Terrified and alone earlier this week, a woman had called the National Domestic Violence hotline, where Amber Mitchell, a 27-year-old phone service advocate, did her best to talk her through the situation.

The woman had already escaped her violent partner who would strangle and emotionally abuse her. She had finally managed to find a new place after receiving a Section 8 housing voucher. But the man had found her again. He had begun showing up at her new home in their small community, stalking her and threatening to shoot her.

So the woman was stuck, refusing to leave her home.

She reached out to the housing authorities and requested to transfer her voucher somewhere else, where he wouldn’t be able to find her. But because of the government shutdown, she was told, her transfer request wouldn’t be processed.

“You’re strong, you’re capable,” Mitchell told her, suggesting shelters outside of the surrounding area. “You can do this.”

The longest-ever government shutdown has come to an end — for now. On Friday, President Trump announced a deal with congressional leaders to temporarily reopen the government while talks continue on his demand for border wall money — but while it lasted, calls like this one poured into domestic violence hotlines across the country.

Callers described abusive situations becoming increasingly worse amid the financial strain of missed paychecks due to the government shutdown. Uncertainty over benefits like food stamps and housing vouchers have led some domestic violence victims to stay — or return to — dangerous situations out of desperation for financial security.

The National Domestic Violence Hotline has seen a spike in calls and messages this month, adding to already higher volumes of callers amid the #MeToo movement and high-profile news stories about cases of sexual assault and domestic violence.

The national hotline received an average of 1,679 contacts daily between Jan. 1 and Jan. 17, up more than 50 percent from an average of about 1,105 daily contacts in the same period last year and up about seven percent from the daily average of 1,571 contacts over all of last year.

Katie Ray-Jones, CEO of the National Domestic Violence Hotline, said it’s impossible to know how much of the increase in calls is associated with the government shutdown. But she and other advocates at the hotline said they have seen an emerging trend in stories related to the shutdown’s ripple effects.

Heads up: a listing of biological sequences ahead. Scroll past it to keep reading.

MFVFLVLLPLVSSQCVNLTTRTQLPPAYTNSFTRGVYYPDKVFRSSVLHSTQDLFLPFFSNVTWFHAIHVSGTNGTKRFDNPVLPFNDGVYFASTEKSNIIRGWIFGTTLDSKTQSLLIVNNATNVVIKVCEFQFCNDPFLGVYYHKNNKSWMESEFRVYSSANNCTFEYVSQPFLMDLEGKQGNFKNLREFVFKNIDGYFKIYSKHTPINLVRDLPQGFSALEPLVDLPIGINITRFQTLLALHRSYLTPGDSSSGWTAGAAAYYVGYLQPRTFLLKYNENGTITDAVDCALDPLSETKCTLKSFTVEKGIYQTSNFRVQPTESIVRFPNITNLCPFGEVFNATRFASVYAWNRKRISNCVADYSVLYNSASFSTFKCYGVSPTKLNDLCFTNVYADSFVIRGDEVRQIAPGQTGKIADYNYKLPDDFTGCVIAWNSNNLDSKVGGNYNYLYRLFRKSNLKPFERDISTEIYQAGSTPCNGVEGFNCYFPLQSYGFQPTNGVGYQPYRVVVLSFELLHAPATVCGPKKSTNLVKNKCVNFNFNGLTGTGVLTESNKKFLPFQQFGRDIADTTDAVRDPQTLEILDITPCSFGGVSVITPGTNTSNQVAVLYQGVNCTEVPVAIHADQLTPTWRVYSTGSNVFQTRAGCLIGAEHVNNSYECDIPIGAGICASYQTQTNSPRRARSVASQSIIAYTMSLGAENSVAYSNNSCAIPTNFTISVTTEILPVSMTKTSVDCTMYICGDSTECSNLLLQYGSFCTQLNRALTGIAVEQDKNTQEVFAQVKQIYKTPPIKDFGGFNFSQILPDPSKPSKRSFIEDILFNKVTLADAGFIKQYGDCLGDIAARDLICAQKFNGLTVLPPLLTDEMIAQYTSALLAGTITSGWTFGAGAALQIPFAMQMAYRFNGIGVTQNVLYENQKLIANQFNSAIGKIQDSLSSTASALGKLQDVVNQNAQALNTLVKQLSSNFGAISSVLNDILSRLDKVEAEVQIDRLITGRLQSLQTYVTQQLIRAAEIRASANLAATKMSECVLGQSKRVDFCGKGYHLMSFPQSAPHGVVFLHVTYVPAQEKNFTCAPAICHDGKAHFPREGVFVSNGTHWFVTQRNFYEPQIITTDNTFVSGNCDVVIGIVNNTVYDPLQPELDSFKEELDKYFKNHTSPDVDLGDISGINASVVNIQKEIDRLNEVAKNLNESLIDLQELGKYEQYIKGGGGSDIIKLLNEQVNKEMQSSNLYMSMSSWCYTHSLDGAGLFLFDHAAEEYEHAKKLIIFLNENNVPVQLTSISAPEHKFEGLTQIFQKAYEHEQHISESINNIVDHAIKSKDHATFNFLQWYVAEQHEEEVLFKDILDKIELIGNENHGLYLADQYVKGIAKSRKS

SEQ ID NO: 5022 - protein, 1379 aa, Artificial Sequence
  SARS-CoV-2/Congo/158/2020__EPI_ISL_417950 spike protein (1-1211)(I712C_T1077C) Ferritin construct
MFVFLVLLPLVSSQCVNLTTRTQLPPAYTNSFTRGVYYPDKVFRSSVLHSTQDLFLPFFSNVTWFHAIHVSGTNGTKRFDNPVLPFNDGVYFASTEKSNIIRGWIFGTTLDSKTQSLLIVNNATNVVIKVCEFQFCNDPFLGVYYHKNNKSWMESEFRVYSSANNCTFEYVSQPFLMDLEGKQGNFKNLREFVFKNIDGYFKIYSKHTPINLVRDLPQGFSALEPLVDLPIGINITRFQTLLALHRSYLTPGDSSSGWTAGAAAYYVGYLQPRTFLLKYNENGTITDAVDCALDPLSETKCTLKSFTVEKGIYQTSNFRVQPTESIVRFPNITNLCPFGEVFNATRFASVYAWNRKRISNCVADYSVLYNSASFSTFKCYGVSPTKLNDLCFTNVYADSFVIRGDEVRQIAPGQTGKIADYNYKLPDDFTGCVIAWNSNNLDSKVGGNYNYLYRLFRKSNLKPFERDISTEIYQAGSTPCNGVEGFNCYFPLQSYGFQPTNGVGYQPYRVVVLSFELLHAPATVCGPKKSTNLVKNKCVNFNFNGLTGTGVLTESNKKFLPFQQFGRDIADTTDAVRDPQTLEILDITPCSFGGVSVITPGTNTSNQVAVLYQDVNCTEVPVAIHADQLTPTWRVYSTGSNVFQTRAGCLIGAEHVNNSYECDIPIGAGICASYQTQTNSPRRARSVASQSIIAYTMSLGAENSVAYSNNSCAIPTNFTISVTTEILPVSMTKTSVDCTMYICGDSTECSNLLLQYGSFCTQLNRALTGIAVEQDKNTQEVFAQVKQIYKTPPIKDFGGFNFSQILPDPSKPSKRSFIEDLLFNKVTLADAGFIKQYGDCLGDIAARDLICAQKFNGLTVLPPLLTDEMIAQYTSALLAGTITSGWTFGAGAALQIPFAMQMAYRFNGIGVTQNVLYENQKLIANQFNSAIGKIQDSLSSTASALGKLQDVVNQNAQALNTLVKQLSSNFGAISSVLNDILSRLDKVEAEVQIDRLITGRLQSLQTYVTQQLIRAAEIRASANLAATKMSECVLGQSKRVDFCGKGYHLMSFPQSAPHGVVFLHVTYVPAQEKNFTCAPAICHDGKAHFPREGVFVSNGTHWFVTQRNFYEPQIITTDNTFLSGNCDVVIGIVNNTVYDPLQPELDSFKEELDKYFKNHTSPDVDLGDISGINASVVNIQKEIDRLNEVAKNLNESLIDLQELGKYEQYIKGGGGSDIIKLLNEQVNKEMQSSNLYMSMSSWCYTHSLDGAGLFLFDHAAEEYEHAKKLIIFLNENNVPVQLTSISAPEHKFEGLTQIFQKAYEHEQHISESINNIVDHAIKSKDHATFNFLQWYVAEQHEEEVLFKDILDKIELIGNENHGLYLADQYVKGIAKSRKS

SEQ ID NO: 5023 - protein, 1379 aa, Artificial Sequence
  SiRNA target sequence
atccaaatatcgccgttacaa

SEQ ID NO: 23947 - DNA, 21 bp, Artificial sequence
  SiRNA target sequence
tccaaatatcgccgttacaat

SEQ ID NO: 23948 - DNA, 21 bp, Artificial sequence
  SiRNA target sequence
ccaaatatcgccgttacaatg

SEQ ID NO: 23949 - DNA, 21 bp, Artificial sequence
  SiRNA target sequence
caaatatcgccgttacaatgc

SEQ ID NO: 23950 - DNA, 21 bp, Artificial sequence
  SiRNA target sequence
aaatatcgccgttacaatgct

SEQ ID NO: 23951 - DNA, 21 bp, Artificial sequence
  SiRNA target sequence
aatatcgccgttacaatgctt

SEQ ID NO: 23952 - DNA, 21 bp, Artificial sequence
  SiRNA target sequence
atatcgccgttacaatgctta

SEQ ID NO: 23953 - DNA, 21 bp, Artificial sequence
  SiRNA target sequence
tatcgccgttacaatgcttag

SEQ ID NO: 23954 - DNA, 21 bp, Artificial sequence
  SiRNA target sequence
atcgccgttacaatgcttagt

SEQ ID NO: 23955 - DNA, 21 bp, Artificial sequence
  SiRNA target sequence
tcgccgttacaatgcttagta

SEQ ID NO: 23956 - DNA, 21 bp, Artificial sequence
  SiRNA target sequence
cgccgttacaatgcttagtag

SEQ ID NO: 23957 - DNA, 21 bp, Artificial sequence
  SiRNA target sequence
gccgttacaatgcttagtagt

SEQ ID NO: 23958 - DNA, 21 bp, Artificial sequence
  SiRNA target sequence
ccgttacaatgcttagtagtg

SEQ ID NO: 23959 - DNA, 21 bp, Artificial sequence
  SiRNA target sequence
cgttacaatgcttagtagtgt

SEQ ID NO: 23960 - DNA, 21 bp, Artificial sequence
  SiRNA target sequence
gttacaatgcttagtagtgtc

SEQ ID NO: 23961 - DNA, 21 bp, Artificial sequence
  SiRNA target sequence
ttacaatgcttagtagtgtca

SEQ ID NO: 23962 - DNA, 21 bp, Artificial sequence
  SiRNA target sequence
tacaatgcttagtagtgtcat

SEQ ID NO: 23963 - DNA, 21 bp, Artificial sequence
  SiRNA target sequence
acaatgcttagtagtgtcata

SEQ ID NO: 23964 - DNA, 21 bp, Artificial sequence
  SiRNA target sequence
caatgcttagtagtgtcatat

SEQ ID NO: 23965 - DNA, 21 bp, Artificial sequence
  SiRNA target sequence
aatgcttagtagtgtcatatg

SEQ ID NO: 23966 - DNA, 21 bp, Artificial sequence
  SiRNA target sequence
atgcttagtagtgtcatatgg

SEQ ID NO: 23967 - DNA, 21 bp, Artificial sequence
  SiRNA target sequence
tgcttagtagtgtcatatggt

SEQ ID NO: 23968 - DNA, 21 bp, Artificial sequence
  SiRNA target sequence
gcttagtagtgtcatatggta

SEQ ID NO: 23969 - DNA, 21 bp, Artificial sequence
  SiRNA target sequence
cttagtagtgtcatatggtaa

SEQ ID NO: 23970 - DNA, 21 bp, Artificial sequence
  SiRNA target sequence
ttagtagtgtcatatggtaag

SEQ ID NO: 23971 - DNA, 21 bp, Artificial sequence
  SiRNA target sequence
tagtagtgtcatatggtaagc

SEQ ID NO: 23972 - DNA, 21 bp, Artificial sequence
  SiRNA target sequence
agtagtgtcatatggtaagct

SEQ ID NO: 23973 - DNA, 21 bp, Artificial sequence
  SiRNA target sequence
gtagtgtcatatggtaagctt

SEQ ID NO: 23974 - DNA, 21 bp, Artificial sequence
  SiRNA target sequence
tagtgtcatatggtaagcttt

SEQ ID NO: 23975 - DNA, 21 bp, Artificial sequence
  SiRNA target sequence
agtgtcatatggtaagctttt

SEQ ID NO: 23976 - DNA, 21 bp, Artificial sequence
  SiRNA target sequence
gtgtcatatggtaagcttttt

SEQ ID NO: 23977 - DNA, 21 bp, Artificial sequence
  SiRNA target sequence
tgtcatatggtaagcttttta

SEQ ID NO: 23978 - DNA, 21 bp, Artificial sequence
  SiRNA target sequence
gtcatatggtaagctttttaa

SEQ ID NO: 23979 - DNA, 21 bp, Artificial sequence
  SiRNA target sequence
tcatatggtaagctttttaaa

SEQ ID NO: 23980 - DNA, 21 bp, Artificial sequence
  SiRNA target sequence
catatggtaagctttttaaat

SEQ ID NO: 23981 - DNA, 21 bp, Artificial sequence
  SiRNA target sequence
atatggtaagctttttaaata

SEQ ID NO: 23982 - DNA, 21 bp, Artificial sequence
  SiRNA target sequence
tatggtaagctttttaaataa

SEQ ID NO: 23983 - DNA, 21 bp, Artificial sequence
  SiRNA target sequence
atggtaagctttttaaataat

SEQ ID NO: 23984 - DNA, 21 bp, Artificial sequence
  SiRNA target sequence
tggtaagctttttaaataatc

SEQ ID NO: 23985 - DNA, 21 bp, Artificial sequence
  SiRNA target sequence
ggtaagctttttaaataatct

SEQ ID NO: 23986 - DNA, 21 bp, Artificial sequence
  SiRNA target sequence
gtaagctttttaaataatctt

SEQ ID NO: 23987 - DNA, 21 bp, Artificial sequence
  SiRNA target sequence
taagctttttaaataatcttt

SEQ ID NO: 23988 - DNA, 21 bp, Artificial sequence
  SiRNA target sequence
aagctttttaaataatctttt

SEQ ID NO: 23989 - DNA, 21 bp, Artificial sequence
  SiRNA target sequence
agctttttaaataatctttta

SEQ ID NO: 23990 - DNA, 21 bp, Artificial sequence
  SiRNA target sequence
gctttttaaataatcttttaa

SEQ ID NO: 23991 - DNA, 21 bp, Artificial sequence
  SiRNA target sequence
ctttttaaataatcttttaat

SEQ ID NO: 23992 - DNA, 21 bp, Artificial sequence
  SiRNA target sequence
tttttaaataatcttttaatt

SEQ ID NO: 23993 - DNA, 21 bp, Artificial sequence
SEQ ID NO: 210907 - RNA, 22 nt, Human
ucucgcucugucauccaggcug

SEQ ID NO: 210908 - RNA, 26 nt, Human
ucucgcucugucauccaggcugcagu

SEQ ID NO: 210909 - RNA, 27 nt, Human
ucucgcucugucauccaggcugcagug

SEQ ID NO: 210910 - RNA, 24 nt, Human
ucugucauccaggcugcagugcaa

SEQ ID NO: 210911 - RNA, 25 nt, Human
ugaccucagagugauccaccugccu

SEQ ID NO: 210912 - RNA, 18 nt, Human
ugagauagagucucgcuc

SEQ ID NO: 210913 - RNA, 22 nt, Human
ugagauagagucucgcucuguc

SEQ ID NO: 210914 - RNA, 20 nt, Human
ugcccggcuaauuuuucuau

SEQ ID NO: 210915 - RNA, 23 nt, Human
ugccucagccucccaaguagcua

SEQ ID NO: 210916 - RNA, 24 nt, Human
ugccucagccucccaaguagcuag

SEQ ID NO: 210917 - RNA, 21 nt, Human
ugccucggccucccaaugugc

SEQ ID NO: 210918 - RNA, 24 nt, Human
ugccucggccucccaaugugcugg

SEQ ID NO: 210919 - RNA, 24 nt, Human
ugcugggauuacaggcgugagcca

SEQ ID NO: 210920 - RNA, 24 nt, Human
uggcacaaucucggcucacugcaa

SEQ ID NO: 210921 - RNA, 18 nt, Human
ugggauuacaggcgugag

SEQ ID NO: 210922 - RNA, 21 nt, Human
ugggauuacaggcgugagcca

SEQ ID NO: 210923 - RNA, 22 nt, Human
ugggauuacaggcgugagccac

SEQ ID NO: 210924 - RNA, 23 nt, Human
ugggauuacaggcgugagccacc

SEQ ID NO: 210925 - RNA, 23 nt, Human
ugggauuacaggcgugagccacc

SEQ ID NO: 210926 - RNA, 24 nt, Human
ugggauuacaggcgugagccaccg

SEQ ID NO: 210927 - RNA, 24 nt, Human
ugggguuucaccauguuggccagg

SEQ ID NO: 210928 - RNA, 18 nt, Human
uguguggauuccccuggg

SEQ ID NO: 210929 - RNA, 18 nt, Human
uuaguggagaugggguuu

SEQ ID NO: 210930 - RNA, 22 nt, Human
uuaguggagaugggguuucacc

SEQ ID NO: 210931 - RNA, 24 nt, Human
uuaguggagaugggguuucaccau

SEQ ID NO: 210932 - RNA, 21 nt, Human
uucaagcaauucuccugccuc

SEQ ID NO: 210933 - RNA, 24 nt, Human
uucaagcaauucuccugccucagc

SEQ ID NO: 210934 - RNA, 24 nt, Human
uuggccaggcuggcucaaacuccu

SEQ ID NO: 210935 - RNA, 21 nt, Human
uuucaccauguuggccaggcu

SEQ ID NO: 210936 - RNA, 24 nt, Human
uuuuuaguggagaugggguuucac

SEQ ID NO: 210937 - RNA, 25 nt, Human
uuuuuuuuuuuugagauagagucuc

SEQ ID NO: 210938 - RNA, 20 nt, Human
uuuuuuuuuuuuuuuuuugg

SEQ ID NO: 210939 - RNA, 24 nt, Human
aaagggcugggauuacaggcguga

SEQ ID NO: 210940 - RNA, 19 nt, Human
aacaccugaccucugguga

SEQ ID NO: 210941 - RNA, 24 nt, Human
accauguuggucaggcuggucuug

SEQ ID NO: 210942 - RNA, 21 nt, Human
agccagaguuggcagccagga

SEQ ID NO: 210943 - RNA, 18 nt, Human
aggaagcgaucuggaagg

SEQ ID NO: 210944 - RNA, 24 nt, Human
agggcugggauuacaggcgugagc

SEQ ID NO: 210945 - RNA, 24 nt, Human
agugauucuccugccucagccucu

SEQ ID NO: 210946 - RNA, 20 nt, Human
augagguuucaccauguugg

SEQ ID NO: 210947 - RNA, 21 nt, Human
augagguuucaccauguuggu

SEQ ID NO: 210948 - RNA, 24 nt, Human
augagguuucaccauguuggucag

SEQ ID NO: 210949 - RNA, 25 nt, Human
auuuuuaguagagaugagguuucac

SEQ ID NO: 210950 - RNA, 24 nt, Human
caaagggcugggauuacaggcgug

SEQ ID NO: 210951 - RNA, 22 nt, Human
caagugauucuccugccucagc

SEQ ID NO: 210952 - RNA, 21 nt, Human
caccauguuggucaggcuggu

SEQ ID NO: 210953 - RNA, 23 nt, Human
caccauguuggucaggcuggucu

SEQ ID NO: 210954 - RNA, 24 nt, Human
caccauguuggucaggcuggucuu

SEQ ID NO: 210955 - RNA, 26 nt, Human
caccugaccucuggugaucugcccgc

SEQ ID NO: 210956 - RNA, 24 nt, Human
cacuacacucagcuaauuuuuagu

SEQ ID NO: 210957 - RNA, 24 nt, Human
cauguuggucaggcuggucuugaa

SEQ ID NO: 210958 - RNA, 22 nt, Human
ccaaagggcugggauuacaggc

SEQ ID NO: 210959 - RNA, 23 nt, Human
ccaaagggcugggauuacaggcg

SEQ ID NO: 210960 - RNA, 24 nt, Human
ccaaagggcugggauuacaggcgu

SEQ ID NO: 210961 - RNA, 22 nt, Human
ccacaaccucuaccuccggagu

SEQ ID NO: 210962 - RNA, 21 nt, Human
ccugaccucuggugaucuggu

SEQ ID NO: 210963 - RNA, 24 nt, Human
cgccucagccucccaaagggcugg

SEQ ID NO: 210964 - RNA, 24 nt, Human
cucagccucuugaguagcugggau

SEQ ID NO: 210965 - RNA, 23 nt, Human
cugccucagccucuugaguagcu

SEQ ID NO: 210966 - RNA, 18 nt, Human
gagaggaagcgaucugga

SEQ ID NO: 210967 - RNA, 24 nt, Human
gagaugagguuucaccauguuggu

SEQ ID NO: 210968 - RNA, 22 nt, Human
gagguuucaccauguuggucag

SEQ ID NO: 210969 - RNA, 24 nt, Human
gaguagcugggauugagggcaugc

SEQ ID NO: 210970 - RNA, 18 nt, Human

Experts say one of the main reasons domestic violence victims stay in abusive situations is for financial security. Abusers can use finances to control and manipulate their partner and limit their ability to leave the home.

A wave of similar stories emerged during the financial recession, Ray-Jones said. Amid the financial crisis of 2008, the National Domestic Violence Hotline found that calls to the hotline were up significantly. Among victims who called the hotline during a period of six weeks, more than half reported a change in their household’s financial situation in the past year.

A 2016 study in the journal Demography found that unemployment and economic hardship in the home were positively linked to abusive behavior, and sharp spikes in the unemployment rate increased men’s controlling behavior toward their partners.

Kristin Vamenta, a 30-year-old senior hotline crisis coordinator with Virginia’s statewide domestic violence hotline, answered a phone call recently from a woman who had already left an abusive situation but was at the point of returning out of fear that she might lose her SNAP benefits. The woman had been unable to qualify for an emergency shelter, and was staying with a friend temporarily.

“Maybe I would have been better off had I not left, because I would at least know what to expect,” the woman said, Vamenta recounted. “I would have some stability, even though I know it’s not what I deserve and it’s not healthy, and could escalate at any moment to be dangerous.”

Another woman who reached out to the national hotline said she felt her only option was to allow her abusive partner to continue to live in her apartment because she was afraid she wouldn’t be able to feed her children in the absence of food stamps, said Peggy Whilde, a digital services manager at the national hotline.

The woman was on disability and could not work, Whilde said, and her partner financially abused her by controlling when she could leave the house and where she could go.

“These are the most vulnerable people who have the least power,” Whilde said.

“Their partners are systemically taking away their power day by day so the addition of the economic disadvantage puts them in a really life-threatening, precarious position.”

In another case, a male victim said he was furloughed due to the government shutdown. His inability to earn money was causing his wife to become increasingly emotionally abusive and controlling. Another woman called the hotline saying her partner was working without pay, and the stress of the shutdown was worsening to his substance abuse, causing him to be increasingly physically violent toward her.

Whilde said she wished politicians in Washington would realize that “this is not trivial.”

“These are people whose lives are at risk,” Whilde said.

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